Coming to terms with my child’s diagnosis

I have the greatest two boys.  I’m not kidding, people tell me that all the time.  They don’t fight.  They are funny, smart, loving, and I could go on and on.  My youngest is especially sweet.  He makes my heart melt.  I have always thought he was a special gift from God.

In preschool they used to tell me that he didn’t speak, he wouldn’t sit in a group, he covered his ears and turned his head while they were reading.  I knew he didn’t really like looking at people.  No one mentioned autism.  They mentioned ADD.  In Kindergarten and first we saw similar behaviors. That is when we figured out the sensory integration issues.  I could handle those.  They made sense.   The doctor also thought he had social anxiety.  I can understand that.  That is workable. 

After 2nd grade we went for more indepth testing.  They informed us that he had PDD, pervasive development disorder.  As they explained it, he has some autistic like symptoms, but not enough to be diagnosed with autism.  In the last two years I’ve learned a lot about PDD.  I help lead a support group for parents that have children on the autism spectrum.  I educate his teachers.  Heck, I educate the teachers in my own school. 

In the last month or so I’ve realized something I am just NOW accepting the fact that my baby (Ok, so he’s 10) is truly on the autism spectrum.  He is different than his peers.  He does have difficulty communicating.  His brain works differently. 

The hard part here is that I didn’t realize that I hadn’t accepted his diagnosis.  Even though I would say he had PDD, I always followed up with autism-like symptoms, and quick to point out that he is extremely high functioning.  I would also say that most people don’t even realize that he is “different.”  I emailed his teacher a few weeks ago, and asked her if she thought his behavior was obvious in the classroom.  I’m thankful that she was honest and tactful, but I didn’t get the answer I expected or wanted.  She told me yes.  I didn’t really believe her, but I spent a day at school with him this week.  It wasn’t until I sat in his classroom and observed that it really hit me in the face.  It made me cry.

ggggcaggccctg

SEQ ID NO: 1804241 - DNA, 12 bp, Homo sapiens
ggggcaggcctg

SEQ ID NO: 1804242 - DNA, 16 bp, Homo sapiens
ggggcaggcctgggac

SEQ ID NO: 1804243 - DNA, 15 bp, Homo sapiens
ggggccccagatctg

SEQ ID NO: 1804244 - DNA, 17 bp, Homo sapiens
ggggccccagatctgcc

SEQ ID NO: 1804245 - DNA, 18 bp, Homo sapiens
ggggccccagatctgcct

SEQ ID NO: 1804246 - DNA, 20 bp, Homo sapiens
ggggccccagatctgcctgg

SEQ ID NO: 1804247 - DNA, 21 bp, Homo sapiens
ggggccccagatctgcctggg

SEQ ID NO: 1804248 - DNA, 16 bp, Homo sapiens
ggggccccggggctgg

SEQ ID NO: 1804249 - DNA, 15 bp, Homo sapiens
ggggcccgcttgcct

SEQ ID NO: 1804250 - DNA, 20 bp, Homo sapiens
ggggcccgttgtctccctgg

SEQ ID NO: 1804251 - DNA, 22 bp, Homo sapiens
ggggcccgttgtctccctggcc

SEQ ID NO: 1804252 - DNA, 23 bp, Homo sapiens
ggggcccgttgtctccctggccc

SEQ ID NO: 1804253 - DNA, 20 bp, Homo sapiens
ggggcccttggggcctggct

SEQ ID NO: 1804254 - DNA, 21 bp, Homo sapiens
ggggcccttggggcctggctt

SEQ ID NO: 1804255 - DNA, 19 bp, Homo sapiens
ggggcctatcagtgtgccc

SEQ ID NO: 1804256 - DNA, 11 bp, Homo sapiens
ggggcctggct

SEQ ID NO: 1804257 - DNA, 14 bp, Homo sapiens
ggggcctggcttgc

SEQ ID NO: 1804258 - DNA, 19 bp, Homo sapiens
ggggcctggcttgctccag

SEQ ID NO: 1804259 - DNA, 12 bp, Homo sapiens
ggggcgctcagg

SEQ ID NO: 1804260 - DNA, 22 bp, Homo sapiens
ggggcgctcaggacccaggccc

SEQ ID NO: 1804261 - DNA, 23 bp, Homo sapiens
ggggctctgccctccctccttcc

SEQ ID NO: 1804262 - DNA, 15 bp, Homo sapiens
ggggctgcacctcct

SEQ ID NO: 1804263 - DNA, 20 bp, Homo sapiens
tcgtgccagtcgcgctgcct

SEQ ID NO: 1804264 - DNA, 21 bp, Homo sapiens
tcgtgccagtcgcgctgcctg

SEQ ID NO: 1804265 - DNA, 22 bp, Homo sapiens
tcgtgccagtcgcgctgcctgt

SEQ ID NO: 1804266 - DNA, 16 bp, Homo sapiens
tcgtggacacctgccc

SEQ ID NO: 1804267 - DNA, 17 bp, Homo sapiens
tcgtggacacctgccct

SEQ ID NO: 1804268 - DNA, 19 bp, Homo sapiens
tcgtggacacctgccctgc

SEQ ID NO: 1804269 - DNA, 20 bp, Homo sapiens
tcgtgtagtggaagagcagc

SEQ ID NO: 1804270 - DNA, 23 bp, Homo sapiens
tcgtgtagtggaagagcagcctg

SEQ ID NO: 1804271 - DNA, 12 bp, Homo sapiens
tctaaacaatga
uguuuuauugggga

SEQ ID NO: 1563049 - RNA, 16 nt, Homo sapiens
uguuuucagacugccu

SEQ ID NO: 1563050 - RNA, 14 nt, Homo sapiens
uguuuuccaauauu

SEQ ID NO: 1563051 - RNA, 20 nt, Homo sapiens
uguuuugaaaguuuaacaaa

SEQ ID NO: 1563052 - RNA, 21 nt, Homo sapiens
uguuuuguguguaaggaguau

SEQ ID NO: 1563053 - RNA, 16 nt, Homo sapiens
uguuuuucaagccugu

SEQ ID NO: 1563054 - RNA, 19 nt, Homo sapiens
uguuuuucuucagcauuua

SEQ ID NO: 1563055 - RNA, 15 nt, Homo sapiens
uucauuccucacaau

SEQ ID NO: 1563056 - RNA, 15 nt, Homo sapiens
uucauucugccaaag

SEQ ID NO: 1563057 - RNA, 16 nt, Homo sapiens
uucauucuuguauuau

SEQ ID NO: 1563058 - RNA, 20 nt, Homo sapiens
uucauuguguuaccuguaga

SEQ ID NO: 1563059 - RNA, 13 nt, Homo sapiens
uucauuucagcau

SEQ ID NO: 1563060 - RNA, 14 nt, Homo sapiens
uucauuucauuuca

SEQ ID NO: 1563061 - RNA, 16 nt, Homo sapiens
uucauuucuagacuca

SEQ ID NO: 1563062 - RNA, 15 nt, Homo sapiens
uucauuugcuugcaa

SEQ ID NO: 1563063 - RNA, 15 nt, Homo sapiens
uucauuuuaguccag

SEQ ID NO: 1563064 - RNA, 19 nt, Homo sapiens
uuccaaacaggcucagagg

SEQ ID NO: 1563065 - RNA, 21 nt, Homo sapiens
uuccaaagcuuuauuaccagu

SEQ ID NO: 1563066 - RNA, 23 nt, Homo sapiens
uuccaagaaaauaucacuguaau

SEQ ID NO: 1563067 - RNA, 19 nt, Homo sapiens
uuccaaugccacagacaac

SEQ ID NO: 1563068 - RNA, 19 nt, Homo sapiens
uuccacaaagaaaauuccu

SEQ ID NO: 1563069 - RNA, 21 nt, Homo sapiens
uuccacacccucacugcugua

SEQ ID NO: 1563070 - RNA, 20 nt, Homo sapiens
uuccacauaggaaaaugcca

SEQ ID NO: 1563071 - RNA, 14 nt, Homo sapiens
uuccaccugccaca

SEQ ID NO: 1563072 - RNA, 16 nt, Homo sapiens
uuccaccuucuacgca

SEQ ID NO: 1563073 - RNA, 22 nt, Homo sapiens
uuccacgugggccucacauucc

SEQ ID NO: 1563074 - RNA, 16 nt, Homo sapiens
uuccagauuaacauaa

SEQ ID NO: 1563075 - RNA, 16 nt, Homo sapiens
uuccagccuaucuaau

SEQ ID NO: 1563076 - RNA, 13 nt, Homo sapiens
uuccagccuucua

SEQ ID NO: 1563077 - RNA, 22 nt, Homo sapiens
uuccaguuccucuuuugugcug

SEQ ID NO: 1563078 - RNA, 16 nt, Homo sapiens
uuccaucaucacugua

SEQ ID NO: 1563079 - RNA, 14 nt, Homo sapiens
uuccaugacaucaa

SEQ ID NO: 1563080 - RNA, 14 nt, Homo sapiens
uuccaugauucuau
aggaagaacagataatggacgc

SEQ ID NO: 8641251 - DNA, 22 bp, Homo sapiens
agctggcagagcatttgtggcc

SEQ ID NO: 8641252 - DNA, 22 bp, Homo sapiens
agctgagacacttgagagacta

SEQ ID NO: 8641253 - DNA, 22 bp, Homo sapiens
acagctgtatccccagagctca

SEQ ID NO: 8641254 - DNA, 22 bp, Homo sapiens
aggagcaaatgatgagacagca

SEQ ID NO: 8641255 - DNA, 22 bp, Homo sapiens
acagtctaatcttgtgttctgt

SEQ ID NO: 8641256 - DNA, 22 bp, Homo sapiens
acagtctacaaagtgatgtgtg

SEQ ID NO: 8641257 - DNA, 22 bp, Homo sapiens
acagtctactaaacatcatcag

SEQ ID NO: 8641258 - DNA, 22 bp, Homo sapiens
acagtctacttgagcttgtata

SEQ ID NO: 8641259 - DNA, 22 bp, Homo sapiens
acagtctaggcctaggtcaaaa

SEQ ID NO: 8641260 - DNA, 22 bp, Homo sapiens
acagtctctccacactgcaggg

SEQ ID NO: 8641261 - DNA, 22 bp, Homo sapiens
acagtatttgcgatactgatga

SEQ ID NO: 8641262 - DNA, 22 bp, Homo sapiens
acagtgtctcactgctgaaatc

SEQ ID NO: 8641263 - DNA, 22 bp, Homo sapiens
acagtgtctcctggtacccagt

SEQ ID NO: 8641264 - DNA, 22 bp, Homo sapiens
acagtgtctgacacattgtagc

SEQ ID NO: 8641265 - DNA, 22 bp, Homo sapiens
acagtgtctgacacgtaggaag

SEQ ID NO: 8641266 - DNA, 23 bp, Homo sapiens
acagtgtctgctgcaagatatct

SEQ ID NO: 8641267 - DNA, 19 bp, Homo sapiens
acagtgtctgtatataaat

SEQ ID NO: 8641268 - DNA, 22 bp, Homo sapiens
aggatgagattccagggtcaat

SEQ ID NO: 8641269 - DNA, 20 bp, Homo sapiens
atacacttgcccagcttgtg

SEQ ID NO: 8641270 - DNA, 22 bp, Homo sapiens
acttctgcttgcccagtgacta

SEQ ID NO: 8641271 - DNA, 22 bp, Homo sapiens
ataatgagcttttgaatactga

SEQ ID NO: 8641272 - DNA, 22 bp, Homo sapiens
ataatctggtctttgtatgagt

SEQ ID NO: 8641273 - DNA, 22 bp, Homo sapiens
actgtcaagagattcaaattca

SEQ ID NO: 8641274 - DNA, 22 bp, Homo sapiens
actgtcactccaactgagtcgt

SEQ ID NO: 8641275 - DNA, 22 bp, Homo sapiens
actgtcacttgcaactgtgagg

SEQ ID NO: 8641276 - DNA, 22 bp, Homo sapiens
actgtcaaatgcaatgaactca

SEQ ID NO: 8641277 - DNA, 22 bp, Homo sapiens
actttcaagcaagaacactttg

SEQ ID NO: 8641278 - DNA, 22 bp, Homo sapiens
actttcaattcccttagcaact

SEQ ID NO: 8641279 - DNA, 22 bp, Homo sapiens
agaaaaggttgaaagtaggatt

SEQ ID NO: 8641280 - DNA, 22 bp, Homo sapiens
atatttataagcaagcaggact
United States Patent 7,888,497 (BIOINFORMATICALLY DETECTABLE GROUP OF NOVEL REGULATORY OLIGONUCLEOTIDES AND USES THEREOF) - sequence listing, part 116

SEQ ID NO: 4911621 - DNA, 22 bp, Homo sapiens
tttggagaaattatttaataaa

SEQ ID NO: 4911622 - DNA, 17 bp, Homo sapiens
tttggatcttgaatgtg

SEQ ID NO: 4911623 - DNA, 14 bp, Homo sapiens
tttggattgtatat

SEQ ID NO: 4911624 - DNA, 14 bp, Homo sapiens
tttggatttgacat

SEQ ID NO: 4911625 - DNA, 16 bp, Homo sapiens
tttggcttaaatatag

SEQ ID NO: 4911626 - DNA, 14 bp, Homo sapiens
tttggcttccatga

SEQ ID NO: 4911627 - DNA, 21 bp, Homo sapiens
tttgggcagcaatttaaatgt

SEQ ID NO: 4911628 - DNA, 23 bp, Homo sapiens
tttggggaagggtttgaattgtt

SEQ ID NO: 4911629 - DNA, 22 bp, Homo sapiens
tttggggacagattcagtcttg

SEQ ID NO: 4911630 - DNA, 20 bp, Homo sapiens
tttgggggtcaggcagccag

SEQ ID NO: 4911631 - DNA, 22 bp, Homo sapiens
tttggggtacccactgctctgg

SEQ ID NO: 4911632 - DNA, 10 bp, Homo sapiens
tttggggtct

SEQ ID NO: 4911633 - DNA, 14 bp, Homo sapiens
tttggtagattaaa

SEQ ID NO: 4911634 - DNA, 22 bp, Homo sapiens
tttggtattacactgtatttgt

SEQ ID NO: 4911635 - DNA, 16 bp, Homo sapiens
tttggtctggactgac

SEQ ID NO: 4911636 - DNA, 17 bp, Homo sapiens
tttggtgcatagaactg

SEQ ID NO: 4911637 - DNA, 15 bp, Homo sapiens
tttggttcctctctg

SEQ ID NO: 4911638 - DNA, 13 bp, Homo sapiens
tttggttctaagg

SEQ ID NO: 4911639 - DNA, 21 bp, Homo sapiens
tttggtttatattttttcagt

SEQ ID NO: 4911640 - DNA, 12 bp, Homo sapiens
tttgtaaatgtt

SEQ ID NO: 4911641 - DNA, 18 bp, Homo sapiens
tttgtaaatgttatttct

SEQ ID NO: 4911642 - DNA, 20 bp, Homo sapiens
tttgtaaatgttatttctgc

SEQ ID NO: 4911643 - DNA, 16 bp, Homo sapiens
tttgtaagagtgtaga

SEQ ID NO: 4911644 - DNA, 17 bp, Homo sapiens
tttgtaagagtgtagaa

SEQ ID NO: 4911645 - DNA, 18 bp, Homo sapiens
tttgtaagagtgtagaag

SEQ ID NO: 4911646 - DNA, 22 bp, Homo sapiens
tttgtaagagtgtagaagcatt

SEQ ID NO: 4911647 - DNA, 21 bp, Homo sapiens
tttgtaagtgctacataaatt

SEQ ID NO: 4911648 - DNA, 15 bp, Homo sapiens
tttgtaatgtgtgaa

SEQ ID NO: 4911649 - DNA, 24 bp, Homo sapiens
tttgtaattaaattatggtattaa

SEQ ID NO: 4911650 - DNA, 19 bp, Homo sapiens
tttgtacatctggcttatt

I know he is still the same lovely little boy.  I know he still has a great future ahead of him.  However, it will be harder and different from what I wanted for him.  A friend of mine has a son that was diagnosed at 2 with autism and he is 15 now.  She and I have spoken a lot this week.  She told me the hardest part was coming to terms and accepting it.  I think I have finally done that.  We will just keep going from here, as we always have. 

 

 

 

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2 thoughts on “Coming to terms with my child’s diagnosis

  1. Different isn’t always bad. We’ve had to examine the truth about our children with autism and then bolster their strengths while we deal with the deficits they have in coping with an NT world. The good news, as you said, is that they are sweet and loving and bright– the basis for getting you anywhere in this world. Hang in there–

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